It is a little bit paradoxical what you say about the best tool for the job. I have similar experience and I see it as "the best tool within these limited and blessed toolset". When and how do you decide to add a new tool? It is really hard to quantify the value and cost, when we keep saying things like "more maintainable" or "easier to use".

Paul Graham essay is a classic, every developer should read it, not because of Lisp but to be aware of the Blub Paradox. It applies to all of us.

Out of curiosity, what language did your friends choose?

Thanks!

I guess for developers like you or me that love our craft, we want to get the most of our time, tooling and libraries. As such we like to have the best of the best, whatever it is.

That the promise of languages like lisp where you can easily build new abstractions that fit the best to solve the problem at hand.

But many things require several or many people either at the same time or over the years... maybe for example you'll not want to devote the next 20 year to the maintenance of the project you did in the past 5-10 years. This is where standardization make sense. If you get better productivity for yourself but the overall productivity drop, that a net loss.

So both aspects are to be taken into account. I would say in a big company, small independent team each completely responsible of its area even including the production make sense and help to scale that productivity. In today world, for many case, just saying your are able to provide VMs in the cloud that are able to respond to some kind of network queries should work and let of freedom in how things are done inside.

But even that doesn't solve everything. The interractions between teams will still dictate many things like what protocol data is exchanged. But also how you managed your database, what is overal architecture, what tools will you use for the continuous integration, QA testing, the cloud you'll use and how your application will skrink and scale dynamically...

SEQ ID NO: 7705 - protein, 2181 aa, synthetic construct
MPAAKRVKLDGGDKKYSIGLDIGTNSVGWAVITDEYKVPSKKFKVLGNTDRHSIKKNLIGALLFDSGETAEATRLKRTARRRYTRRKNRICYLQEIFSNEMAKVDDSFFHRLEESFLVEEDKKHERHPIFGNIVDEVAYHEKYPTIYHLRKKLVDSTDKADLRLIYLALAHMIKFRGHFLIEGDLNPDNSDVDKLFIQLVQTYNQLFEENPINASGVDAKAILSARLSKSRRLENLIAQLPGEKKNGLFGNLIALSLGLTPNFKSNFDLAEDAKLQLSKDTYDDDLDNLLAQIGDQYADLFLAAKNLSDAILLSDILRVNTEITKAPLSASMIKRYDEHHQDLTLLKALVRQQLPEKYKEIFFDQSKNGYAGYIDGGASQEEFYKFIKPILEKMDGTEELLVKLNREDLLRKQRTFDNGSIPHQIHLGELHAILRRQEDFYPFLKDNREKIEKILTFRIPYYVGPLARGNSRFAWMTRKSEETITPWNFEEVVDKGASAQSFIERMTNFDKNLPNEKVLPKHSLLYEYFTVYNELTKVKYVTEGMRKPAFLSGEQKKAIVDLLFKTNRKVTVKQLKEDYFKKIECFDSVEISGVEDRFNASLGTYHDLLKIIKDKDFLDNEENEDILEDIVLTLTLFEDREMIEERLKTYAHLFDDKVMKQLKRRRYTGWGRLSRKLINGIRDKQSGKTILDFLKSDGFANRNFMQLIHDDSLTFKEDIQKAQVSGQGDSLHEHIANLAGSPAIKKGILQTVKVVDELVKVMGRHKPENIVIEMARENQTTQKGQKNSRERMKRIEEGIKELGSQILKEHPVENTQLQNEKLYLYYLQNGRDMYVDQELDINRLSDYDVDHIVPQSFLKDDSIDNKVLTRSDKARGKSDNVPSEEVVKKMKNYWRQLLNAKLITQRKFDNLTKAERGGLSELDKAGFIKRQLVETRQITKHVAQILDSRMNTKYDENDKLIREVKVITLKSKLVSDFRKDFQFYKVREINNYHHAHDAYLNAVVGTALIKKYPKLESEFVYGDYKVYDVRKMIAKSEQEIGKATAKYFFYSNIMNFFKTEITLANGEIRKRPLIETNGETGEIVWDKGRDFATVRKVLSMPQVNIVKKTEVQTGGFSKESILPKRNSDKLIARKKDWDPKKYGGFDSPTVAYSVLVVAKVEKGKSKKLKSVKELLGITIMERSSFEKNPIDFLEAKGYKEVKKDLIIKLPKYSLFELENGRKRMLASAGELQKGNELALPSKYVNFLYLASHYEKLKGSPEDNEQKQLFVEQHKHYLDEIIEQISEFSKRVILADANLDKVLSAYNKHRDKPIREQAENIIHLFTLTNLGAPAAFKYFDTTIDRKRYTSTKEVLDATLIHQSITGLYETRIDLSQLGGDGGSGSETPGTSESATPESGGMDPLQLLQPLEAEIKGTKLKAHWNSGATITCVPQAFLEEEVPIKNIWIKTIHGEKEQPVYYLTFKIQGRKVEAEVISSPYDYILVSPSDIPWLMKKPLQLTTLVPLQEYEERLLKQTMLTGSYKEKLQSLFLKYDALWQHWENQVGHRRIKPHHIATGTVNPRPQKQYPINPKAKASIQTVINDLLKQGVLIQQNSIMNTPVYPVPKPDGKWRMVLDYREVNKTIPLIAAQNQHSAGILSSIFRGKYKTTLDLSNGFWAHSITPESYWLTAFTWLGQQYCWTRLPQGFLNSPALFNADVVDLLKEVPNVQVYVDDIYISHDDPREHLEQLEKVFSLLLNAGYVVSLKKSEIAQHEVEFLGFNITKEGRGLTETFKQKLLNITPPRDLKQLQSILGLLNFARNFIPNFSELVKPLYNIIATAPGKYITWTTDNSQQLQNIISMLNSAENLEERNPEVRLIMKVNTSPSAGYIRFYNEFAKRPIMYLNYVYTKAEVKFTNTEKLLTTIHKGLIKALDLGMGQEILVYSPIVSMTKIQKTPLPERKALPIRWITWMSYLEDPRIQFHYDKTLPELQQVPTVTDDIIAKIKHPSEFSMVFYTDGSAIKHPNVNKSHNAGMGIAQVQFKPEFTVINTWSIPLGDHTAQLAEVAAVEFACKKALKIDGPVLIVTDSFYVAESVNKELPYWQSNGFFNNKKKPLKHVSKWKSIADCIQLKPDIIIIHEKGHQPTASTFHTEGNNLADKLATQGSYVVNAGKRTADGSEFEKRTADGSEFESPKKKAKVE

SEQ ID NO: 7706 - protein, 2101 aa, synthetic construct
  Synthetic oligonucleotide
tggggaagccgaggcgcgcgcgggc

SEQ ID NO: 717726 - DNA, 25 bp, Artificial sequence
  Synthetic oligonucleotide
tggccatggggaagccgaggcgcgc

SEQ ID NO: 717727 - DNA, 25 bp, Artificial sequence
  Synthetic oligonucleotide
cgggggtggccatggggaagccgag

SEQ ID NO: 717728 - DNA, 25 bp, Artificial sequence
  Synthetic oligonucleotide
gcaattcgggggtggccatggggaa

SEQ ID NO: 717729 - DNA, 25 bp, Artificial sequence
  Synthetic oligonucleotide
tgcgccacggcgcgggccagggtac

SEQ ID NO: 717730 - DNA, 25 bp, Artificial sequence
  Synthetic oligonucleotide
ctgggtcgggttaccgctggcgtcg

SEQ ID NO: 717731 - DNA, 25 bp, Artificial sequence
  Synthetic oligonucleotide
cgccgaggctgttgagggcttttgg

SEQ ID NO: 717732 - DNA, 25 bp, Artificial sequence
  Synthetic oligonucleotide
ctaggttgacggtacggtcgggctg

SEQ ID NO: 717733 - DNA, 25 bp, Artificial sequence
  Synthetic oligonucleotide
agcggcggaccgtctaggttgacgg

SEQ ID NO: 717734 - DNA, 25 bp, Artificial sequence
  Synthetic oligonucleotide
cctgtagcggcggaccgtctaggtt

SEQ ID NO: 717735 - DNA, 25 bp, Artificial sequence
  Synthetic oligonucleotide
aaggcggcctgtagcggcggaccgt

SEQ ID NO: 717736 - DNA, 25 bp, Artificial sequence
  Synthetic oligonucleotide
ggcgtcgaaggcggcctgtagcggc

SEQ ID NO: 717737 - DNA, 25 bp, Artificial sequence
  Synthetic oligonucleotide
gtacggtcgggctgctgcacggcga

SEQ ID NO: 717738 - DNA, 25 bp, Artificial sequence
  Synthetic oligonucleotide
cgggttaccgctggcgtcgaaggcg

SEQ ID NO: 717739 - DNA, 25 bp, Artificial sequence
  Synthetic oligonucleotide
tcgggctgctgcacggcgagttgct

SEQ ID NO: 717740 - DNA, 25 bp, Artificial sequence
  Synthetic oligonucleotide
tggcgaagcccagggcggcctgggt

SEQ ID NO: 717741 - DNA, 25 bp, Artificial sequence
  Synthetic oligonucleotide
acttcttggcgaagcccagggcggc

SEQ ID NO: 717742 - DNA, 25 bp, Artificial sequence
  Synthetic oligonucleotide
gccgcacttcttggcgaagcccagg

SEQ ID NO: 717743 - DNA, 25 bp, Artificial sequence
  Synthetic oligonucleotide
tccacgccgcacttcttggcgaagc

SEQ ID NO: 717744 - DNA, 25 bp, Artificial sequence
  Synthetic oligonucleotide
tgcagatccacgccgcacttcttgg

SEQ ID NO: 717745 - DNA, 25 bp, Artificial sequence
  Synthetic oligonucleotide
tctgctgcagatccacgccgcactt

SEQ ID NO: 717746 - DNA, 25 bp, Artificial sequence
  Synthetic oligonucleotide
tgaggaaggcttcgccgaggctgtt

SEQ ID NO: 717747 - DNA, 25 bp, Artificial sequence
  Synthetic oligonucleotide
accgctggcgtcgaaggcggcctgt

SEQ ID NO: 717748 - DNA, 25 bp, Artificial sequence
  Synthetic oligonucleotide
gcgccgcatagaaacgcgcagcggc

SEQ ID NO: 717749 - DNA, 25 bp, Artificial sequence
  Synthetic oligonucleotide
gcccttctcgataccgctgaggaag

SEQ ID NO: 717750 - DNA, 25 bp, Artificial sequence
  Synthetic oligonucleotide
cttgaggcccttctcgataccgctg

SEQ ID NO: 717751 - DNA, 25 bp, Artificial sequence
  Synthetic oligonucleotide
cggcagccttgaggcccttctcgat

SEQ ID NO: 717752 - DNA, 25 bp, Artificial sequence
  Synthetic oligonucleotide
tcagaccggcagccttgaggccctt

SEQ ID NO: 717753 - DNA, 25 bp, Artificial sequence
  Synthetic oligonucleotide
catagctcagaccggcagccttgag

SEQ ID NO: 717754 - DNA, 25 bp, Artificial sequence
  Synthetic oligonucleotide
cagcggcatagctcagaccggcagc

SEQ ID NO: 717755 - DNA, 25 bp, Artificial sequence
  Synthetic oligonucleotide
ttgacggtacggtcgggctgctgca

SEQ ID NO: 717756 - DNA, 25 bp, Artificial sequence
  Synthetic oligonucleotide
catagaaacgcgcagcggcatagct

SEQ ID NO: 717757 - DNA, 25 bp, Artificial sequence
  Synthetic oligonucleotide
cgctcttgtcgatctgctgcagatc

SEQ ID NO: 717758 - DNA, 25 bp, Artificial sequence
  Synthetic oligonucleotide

There no much we can do alone in a big company if we don't cooperate.

I am convinced the language impact the productivity somewhat, but many other things impact it more. The programing language is a tactician choice, while the bigger things are strategist choices. And while you'll want to delegate the details to great tacticians, you'll want to have great strategists when you are in a big company... If just switching teams mean your employee need 6 months or 1 year before he become fluent in the technology stack, that's a real downside because this is only a small part of the job.

Hi Nicolas,

You are so much right. As Gerald Weinberg said:

"The Second Law of Consulting: No matter how it looks at first, it's always a people problem."

Thanks a lot for your toughts. It has been a pleasure to have a civilized discussion.

I have started following you on Twitter just in case you decide to start blogging.

Cheers,

Dan

Thanks for the link to Paul Graham’s Beating the Averages and The Blub Paradox. I run into that all the time.

Trying to convince the other developers (who are very bright people) that there are alternative languages that would be more powerful and suitable for our problem domain invariantly meets with deer-in-headlights blank stares.

Even contemplating alternative languages is outside of most developer’s comfort zone. Or moreso, even outside of capability of consideration. Even as a thought experiment.

When I look at the trends, I see object-oriented programming to continue for the foreseeable future. But, I also think there will be two language idioms that overtake object-oriented programming languages: functional programming languages, and domain specific languages.

I consider Lisp to be a programmer's programming language. An "abstract syntax tree oriented" programming language. Paul Graham's secret super-weapon is safe.